Rec Center Groundbreaking

Rec Center Groundbreaking

$18.5 million facility is slated to open in Chantilly in July 2004

For the some 60 people gathered Saturday morning at the groundbreaking for the Sully District recreation center in Chantilly, it was reason to celebrate. For Hal Strickland, Gary Reese and Michael Frey, it was the culmination of a dream — one that they had first.

"It's been a long and wonderful trip to get to where we are today," said Strickland, Sully's representative on the Fairfax County Park Authority. And since this is the only magisterial district without its own rec center, it will certainly be a welcome addition.

The $18.5 million, 94,000-square-foot facility is being built on 37.3 acres just north of Westfield High, bounded by Stonecroft Boulevard and Cub Run. It's anticipated to open in July 2004 and will house a 25-meter competitive pool, separate leisure pool with slide, whirlpool/spa, weight training and cardiovascular fitness areas, multipurpose rooms and offices.

The 10,000-square-foot fitness area will be twice the size of those in other county rec centers. There'll also be 5,000 feet of trail, with a stream crossing, plus concrete walkways. And future plans include a second 25-meter pool. The building will have glass sides, up to the roof, so patrons may view the forested hillside. Native stone on the exterior walls will blend in with the rocks outside.

Saturday, Strickland explained how this marvel came about. "Through the leadership of [Board of Supervisors Chairman] Kate Hanley and [Sully District Supervisor] Michael Frey, we got a bond referendum in 1998 — after 10 years of waiting," he said. "And the citizens stepped forward and passed the referendum by 70 percent."

Now 67th District delegate, Reese was Sully's School Board representative then, and he and Strickland made a deal. Said Strickland: "Gary said, 'If you put the rec center on our School Board land, we'll let you put it [there] free.' However, he also wanted us to work with a private partner to build a field house here — and we're this close to having an agreement with the private sector."

This 160,000-square-foot facility — including a 200-meter track, room for graduations and space for a multitude of other sports — will go right next door. An Oregon company is currently in negotiations.

Strickland also acknowledged the efforts of the West Fairfax County Citizens Association Land-Use Committee, plus Sully District Planning Commissioner Ron Koch "for doing a yeoman's job" of helping push things through." And he called Frey a "joy to work with and a great friend of parks."

He also thanked fellow Park Authority board members, Chairman Winnie Shapiro, former Director Paul Baldino, Director of Planning and Development Lynn Tadlock, senior engineer Chris Hoppe and School Facilities Services representative Dave Watkins.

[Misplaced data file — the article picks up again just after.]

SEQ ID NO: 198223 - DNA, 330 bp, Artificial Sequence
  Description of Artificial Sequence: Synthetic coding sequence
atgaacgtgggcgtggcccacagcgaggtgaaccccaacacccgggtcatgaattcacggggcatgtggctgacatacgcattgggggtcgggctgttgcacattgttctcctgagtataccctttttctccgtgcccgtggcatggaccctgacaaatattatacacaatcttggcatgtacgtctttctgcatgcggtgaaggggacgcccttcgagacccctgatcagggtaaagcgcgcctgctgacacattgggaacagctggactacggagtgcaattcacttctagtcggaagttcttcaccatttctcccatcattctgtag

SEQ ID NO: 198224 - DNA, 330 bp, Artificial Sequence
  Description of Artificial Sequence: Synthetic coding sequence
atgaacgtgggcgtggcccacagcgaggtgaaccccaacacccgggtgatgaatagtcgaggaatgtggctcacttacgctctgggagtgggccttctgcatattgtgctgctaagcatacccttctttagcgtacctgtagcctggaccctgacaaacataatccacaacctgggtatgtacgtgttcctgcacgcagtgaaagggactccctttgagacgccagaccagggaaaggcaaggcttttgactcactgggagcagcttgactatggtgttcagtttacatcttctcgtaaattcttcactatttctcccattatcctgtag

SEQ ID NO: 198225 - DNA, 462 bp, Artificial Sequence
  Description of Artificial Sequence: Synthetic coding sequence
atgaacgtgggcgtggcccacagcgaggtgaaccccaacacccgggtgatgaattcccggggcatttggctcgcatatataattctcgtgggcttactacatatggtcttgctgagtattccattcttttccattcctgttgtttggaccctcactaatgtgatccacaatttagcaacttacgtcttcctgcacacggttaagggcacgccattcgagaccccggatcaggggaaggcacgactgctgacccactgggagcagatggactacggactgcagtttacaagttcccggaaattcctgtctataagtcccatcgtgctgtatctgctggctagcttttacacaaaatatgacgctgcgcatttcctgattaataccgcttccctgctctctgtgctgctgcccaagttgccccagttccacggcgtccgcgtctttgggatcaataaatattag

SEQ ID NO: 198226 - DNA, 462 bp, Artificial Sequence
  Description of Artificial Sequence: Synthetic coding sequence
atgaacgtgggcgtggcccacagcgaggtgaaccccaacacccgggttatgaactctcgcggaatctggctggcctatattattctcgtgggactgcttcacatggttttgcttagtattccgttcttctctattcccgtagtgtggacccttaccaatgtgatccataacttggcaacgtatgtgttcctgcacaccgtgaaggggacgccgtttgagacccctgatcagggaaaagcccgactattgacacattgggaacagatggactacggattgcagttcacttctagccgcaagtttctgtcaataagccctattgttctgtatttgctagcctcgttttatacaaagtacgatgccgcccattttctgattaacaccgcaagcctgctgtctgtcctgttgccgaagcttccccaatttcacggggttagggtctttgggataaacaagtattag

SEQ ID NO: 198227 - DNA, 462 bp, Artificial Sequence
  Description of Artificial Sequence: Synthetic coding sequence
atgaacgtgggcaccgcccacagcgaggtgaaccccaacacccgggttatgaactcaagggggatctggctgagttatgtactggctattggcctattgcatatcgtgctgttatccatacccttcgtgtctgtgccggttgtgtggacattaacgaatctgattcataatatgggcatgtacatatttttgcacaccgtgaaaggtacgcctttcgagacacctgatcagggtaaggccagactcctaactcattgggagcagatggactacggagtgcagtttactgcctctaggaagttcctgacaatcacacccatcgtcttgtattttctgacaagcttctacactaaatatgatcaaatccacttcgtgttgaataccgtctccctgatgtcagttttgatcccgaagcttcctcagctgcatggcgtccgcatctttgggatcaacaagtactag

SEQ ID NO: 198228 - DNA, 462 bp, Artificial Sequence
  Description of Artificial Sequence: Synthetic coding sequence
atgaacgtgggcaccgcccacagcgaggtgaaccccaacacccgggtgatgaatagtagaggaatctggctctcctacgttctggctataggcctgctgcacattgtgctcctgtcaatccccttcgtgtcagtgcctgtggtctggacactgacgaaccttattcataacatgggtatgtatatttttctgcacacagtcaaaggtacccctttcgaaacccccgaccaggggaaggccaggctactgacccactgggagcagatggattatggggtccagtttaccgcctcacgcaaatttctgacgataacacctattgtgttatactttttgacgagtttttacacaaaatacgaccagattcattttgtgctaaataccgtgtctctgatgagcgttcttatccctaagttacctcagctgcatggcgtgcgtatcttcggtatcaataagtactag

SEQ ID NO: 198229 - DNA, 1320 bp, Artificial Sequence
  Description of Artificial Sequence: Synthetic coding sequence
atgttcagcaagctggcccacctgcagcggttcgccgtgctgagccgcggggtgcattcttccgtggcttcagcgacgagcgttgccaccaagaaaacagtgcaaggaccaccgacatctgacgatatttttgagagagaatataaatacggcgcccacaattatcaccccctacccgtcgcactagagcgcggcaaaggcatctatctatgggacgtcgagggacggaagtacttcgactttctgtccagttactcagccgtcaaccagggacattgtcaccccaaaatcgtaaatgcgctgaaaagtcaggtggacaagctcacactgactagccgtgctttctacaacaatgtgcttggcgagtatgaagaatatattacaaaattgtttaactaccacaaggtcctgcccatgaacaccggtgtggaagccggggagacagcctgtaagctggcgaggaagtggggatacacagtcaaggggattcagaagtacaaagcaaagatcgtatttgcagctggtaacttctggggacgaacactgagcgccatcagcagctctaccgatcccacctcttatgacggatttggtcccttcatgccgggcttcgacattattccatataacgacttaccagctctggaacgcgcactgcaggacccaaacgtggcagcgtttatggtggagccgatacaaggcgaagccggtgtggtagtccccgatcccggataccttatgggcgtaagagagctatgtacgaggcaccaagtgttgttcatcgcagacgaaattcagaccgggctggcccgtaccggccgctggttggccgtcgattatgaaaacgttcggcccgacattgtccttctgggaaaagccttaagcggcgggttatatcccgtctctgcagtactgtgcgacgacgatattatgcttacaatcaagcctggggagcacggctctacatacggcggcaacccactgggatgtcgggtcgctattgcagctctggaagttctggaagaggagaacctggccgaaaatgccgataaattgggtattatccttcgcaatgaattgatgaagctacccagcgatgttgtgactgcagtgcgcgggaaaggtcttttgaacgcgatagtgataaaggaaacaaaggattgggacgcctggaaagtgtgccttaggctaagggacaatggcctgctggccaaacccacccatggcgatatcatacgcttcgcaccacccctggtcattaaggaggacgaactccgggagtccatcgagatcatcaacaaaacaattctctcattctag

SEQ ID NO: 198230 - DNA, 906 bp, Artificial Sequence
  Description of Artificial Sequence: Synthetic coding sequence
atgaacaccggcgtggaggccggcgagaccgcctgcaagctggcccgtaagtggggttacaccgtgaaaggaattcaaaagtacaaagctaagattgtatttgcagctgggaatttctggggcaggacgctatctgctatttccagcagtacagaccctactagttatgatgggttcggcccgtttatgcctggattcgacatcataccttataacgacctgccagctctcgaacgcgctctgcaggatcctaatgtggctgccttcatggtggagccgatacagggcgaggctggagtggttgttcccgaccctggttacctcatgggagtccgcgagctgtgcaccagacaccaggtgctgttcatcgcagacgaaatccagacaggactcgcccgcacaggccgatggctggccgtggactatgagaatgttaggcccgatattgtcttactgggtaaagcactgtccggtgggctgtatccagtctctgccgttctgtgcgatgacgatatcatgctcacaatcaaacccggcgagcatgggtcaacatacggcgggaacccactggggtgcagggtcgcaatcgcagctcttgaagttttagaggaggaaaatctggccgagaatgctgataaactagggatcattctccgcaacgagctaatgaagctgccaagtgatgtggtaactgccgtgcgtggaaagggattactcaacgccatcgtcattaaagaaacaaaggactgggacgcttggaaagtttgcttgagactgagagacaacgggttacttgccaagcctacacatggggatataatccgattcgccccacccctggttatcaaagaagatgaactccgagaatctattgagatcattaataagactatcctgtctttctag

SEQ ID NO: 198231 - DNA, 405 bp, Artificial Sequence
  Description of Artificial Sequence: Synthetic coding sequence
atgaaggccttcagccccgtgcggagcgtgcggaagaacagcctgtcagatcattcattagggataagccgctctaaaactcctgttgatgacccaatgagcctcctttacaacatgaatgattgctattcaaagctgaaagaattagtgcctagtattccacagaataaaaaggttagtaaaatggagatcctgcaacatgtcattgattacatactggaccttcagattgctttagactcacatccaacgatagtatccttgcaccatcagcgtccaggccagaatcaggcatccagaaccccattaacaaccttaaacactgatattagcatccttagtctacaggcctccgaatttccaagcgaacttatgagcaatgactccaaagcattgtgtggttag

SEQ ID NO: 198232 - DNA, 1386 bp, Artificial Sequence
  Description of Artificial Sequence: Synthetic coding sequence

Strickland noted the Supervisors' and Hanley's "foresight in the preservation of land in the Occoquan Watershed [the 1,800-acre Hunter-Hacor tract] that allowed us to create a naturalist position here." And Hanley said it'll give local students "an opportunity to use this for education in the Cub Run Stream Valley."

When the School Board bought 159 acres in Westfields for $2.3 million in 1994, said Reese, "We walked this site and were impressed by its beauty and [size]. We master-planned [it] and, in 1995, a footprint for a recreation facility/cultural center was made."

Eventually realizing that putting in all the amenities everyone wanted was beyond the scope of the county budget, the Park Authority began negotiating a public/private partnership. "Today we break ground on the public site, and I'm looking forward to the future when we break ground on the private site," said Reese. "This will be unlike any structure in the U.S. It'll be 210,000 square feet-plus of cultural, recreational, ecological facilities."

Frey said a feasibility study showed "there were plenty of people here and plenty of demand [for a recreation center]. The Park Authority, Board of Supervisors and School Board really stepped up to the plate. Hal's done a fabulous job, and the Supervisors have supported it."

Calling it a "landmark facility," Hanley said she looks forward to "being invited back to the ribbon-cutting," and Frey said that would be in about 15 months. Rep. Thomas M. Davis III (R-11th) was also on hand, Saturday.

"I didn't have a thing to do with this," he said. "But I've got a daughter who runs indoor track and there's no place in Fairfax County to do it now. This is a magnificent achievement, and I thank all those who were involved with it."